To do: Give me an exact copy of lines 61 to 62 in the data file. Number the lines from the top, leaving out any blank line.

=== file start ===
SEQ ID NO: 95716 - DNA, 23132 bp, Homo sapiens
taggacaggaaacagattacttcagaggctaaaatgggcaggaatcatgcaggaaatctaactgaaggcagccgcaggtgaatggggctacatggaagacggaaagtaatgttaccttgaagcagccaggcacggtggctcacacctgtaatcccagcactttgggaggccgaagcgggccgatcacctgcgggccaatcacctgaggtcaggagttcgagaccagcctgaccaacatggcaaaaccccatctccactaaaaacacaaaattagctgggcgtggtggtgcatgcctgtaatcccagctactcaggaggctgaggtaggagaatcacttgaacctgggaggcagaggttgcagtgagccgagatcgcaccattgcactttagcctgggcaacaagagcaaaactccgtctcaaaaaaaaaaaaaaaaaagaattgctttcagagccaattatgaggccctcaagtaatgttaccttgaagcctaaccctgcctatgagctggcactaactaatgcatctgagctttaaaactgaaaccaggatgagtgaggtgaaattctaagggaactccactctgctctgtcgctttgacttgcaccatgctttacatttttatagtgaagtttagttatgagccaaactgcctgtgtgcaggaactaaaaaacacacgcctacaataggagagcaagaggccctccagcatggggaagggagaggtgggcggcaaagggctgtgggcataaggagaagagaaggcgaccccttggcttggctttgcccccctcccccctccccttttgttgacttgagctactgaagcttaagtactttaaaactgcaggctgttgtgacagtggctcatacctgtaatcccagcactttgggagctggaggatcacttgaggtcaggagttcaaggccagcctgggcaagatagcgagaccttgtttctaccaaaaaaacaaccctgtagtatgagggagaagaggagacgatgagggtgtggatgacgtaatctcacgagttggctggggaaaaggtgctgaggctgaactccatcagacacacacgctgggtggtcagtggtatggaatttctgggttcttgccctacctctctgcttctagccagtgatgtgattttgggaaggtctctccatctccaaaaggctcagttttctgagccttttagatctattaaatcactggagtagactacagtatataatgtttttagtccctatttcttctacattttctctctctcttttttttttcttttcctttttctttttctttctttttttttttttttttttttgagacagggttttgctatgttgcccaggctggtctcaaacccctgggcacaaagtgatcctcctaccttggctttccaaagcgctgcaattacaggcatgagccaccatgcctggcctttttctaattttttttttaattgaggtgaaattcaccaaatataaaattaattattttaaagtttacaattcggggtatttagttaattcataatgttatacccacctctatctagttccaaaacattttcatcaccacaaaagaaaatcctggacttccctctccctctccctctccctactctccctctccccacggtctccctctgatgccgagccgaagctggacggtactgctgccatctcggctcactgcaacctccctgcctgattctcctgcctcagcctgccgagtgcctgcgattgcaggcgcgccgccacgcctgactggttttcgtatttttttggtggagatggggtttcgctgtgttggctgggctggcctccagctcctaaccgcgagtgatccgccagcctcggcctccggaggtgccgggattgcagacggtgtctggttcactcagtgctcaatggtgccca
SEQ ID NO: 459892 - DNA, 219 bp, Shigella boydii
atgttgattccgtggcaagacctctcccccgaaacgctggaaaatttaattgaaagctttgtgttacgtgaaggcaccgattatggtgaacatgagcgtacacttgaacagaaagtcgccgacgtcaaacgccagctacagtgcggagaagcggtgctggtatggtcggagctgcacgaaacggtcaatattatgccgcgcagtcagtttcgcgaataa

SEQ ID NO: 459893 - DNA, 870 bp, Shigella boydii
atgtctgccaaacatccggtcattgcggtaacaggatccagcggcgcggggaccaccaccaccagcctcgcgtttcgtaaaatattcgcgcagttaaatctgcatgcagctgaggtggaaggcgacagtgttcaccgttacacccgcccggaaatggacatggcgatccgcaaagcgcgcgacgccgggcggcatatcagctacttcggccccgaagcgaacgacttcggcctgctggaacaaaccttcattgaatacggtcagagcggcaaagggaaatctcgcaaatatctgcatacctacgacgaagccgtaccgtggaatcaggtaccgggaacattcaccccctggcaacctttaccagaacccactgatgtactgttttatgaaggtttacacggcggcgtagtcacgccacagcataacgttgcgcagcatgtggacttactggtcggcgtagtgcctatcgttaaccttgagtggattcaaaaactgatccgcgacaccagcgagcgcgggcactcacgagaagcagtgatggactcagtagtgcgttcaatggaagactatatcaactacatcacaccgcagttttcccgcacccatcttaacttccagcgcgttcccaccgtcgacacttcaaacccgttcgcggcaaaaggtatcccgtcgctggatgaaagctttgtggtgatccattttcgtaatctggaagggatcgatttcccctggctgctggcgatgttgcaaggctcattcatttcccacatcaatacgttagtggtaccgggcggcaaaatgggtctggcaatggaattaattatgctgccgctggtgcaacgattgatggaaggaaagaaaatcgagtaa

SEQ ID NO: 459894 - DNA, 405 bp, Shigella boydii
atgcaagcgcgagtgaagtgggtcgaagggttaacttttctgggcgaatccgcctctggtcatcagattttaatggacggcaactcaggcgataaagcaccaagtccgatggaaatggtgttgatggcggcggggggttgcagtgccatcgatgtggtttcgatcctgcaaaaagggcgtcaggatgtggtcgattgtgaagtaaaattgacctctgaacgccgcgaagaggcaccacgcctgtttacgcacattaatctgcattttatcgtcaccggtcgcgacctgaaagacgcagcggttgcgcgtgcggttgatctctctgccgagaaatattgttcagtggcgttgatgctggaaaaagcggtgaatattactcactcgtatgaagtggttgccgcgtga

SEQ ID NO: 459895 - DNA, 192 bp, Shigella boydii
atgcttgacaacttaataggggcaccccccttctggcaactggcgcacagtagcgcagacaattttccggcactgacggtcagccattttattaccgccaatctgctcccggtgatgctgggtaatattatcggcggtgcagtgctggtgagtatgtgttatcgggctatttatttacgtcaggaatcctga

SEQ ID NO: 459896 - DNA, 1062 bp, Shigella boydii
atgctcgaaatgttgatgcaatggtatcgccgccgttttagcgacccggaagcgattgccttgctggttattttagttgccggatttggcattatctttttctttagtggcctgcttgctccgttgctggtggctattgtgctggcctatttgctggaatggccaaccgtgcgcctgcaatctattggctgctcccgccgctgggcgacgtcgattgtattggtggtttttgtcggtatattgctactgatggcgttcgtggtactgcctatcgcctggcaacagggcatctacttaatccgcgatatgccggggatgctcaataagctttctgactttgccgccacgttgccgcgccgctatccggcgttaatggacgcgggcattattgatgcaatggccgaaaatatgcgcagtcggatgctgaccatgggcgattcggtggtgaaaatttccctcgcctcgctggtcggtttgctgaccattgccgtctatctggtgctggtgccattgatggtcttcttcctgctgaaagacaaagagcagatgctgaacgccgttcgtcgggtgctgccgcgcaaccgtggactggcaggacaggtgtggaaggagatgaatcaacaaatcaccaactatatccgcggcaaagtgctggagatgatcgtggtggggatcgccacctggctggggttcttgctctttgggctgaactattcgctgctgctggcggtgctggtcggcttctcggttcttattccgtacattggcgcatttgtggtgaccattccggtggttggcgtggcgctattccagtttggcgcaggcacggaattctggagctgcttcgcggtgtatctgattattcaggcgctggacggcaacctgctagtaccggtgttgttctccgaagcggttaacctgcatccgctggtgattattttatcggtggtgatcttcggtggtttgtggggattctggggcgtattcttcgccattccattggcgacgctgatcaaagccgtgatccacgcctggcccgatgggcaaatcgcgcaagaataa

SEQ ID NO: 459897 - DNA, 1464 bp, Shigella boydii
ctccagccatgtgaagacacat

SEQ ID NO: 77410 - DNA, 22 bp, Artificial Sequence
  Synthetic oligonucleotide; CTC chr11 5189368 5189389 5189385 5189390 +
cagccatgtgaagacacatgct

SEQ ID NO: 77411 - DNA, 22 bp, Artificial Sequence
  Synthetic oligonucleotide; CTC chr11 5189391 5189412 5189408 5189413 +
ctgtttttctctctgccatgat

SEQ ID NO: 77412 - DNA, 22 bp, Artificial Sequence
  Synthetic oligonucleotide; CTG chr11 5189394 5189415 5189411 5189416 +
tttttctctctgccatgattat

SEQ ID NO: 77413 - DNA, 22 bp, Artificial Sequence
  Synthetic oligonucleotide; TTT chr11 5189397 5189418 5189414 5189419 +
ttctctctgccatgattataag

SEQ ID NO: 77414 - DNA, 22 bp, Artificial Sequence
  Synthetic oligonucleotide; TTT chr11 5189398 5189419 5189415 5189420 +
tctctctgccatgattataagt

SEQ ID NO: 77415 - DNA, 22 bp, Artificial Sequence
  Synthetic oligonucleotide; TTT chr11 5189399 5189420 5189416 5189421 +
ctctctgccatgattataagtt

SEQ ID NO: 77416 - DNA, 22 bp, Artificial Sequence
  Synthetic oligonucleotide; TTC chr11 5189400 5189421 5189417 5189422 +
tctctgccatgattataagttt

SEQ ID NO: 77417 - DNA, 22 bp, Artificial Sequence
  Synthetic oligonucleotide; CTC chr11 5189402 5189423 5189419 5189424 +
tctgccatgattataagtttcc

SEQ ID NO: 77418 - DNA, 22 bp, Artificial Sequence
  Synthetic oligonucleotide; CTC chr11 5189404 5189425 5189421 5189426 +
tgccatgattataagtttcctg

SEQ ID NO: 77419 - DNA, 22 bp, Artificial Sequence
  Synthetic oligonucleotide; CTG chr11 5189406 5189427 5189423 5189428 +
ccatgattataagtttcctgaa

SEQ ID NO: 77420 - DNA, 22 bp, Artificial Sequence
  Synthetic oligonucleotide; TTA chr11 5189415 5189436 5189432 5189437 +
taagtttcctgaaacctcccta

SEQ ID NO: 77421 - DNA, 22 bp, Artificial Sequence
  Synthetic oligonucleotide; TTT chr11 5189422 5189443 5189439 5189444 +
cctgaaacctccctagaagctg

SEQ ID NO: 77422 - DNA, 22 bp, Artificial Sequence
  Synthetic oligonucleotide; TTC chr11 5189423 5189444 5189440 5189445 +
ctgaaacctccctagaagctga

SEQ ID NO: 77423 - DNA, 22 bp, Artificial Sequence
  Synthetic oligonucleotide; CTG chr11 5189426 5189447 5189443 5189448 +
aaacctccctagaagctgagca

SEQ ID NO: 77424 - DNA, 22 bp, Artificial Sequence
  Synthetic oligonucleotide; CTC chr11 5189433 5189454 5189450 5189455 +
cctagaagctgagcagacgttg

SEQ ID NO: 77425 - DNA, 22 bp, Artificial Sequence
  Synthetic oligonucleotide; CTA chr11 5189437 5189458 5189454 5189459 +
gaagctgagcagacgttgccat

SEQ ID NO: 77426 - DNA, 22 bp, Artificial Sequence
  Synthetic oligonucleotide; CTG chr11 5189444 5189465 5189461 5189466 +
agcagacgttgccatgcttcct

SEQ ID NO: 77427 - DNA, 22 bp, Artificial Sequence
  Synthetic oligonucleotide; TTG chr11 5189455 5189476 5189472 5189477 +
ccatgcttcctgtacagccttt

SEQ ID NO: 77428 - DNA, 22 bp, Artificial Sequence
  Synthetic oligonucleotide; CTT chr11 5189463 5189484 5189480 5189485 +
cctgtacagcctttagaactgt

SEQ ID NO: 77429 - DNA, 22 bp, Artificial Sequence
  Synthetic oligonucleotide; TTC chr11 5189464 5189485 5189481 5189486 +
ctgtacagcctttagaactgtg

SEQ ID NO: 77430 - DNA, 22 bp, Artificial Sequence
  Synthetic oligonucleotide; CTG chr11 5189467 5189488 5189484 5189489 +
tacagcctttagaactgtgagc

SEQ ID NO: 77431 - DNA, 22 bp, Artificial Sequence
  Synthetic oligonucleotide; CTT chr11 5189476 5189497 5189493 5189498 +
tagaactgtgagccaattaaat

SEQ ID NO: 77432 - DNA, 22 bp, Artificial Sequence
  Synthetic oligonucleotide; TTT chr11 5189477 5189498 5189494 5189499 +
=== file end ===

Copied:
  Synthetic oligonucleotide; CTA chr11 5189437 5189458 5189454 5189459 +
gaagctgagcagacgttgccat